Dainty Dotty tattoo flash. Posted by Iciar Wallace
Dainty Dotty performing. Posted by My Flash Showcase

Dainty Dotty was initially a circus performer as mentioned above. She first worked as a “fat lady” in the Ringling Brothers circus in the 1930’s and 40’s. Dotty learned how to tattoo after meeting Owen, and he supposedly tattooed her, but there are no known photos of Dotty with tattoos, though there are photos of her tattooing people, and her flash is still floating around!

Owen working on a chest piece.
Owen’s tattoo flash. Posted by My Flash Showcase

Dotty is famous for being the world’s largest female tattoo artist, though she is in fact not the largest woman on record. Both Dotty and Owen tattooed classic old school designs such as eagles, skulls, roses, snakes, and patriotic pieces such as the statue of Liberty, American flags, and military designs.

More of Owen’s tattoo flash.
Dotty tattooing a customer. Posted by Yellow Beak Press Publishing.

Edited by Harrison R.

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Tattoo history 14: Percy Waters

Percy Waters was a well-known American tattoo artist from the early 1900’s. Born in 1888, in Anniston, Alabama, he was (allegedly) first introduced to tattooing through the sideshows of traveling circuses that passed through his hometown. At the time he was learning the trade of molder, and tattooing locals became a hobby on the side. 

Man tattooed by Percy Waters from Docks Weird Years
Percy Waters at work, featuring Pharaohs Horses. From Gabriele Donnini

He’s known to many as a Michigan artist, and not from a small town in Alabama, due to the fact that in 1917 he tattooed someone he shouldn’t have and got in trouble. He left Anniston and moved to Detroit, Michigan. He built up a successful tattoo business where he also sold supplies to other tattoo artists. In 1929 he even got a license for his tattoo machine design, which was an adjustable two-coil electromagnetic machine that hasn’t changed too much in modern tattoo machines. It had also taken almost 55 years (from 1875) for the tattoo machine to be adjusted after Edison’s machine. In 1939 he moved back to Anniston and ran what was most likely the biggest tattoo supply company in the world at the time until his death in 1952.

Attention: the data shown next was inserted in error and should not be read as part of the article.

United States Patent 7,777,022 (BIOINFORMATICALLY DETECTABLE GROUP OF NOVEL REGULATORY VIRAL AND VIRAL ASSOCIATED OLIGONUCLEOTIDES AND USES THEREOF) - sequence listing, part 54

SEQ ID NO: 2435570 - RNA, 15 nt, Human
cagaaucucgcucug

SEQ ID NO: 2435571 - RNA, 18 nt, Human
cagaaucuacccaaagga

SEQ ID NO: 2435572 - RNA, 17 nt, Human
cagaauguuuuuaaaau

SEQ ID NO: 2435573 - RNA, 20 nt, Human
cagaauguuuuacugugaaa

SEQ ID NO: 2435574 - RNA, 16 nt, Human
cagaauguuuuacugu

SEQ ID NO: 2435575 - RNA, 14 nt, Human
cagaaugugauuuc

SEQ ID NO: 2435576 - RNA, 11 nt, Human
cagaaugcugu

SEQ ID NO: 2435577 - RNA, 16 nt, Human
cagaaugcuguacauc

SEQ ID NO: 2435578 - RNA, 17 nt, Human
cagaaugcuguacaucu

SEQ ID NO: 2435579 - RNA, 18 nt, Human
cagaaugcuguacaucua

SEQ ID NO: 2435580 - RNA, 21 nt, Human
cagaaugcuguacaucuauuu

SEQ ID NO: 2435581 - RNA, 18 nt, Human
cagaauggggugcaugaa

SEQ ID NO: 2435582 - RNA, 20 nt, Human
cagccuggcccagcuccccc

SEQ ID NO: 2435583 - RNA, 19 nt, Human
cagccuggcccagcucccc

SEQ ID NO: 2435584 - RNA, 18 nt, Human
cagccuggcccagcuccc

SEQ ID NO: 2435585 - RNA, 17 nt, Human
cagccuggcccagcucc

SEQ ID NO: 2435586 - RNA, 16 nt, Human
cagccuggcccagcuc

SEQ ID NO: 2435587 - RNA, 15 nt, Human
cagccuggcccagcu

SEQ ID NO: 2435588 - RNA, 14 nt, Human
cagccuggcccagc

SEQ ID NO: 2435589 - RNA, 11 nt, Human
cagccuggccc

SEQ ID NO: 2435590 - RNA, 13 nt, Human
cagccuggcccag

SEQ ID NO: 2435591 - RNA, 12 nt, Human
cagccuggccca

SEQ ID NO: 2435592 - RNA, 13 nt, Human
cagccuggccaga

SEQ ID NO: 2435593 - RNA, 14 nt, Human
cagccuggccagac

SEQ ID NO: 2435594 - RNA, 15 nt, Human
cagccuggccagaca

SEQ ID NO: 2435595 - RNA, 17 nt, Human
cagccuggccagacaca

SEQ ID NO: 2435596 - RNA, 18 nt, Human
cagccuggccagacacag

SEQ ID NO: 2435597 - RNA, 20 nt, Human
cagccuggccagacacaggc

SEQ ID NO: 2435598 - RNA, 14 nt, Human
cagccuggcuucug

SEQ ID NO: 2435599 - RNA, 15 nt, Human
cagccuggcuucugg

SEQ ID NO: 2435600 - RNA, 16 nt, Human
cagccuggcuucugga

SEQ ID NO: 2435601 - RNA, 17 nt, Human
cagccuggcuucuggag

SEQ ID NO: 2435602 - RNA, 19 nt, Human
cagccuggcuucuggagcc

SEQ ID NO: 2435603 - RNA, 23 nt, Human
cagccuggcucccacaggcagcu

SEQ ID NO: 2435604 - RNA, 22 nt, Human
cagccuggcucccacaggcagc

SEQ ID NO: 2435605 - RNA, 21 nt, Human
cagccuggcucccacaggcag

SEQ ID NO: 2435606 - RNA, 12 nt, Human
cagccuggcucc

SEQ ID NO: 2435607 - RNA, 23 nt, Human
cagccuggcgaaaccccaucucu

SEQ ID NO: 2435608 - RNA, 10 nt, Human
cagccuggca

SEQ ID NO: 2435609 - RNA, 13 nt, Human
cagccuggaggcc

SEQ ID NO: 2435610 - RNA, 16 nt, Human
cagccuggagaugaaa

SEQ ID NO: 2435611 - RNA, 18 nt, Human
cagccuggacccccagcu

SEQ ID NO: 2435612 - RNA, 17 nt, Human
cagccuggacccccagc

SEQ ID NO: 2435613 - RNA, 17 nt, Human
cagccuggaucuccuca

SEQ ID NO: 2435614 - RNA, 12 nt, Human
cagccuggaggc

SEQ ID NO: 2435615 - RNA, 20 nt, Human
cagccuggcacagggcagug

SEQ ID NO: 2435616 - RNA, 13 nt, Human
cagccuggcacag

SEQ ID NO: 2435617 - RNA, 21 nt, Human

Two men tattooed by Percy Waters
Man tattooed by Percy Waters in 1921

Percy was very modest and was known to call himself “just a good tattooer”; However, he was quite well known regardless of his humility, particularly in the sideshow world where he tattooed “tattoo attractions” such as; Bobby Smith, Red Van, Detroit Dutch, Shelley Kemp, Clyde Williams, and Mrs. Ted Hamilton among others. 

Percy Waters flash from 1923 from Docks Weird Years
Battle Royale painted by Percy Waters from Docks Weird Years

His style stays true to early 20th century old school designs. With classics such as portraits of women, dragons, eagles, snakes, panthers, good luck symbols, ships, and more. His original designs are still redrawn often today, and many contemporary artists are heavily inspired by him in their own styles. 

Percy Waters design by Ryan Cooper Thompson
Percy Waters flash from Docks Weird Years

Some of the most well-known tattoos he did were Pharaohs’ Horses as a back piece, an image of a woman riding an eagle, and whole-body suits made up of patriotic American pieces coupled with images such as butterflies, flowers, dragons, snakes, and ladies. 

Percy Waters business card from Celluloid Dreams
Percy Waters business card from Celluloid Dreams

Do you have a Percy Waters tattoo?

Edited by Harrison R.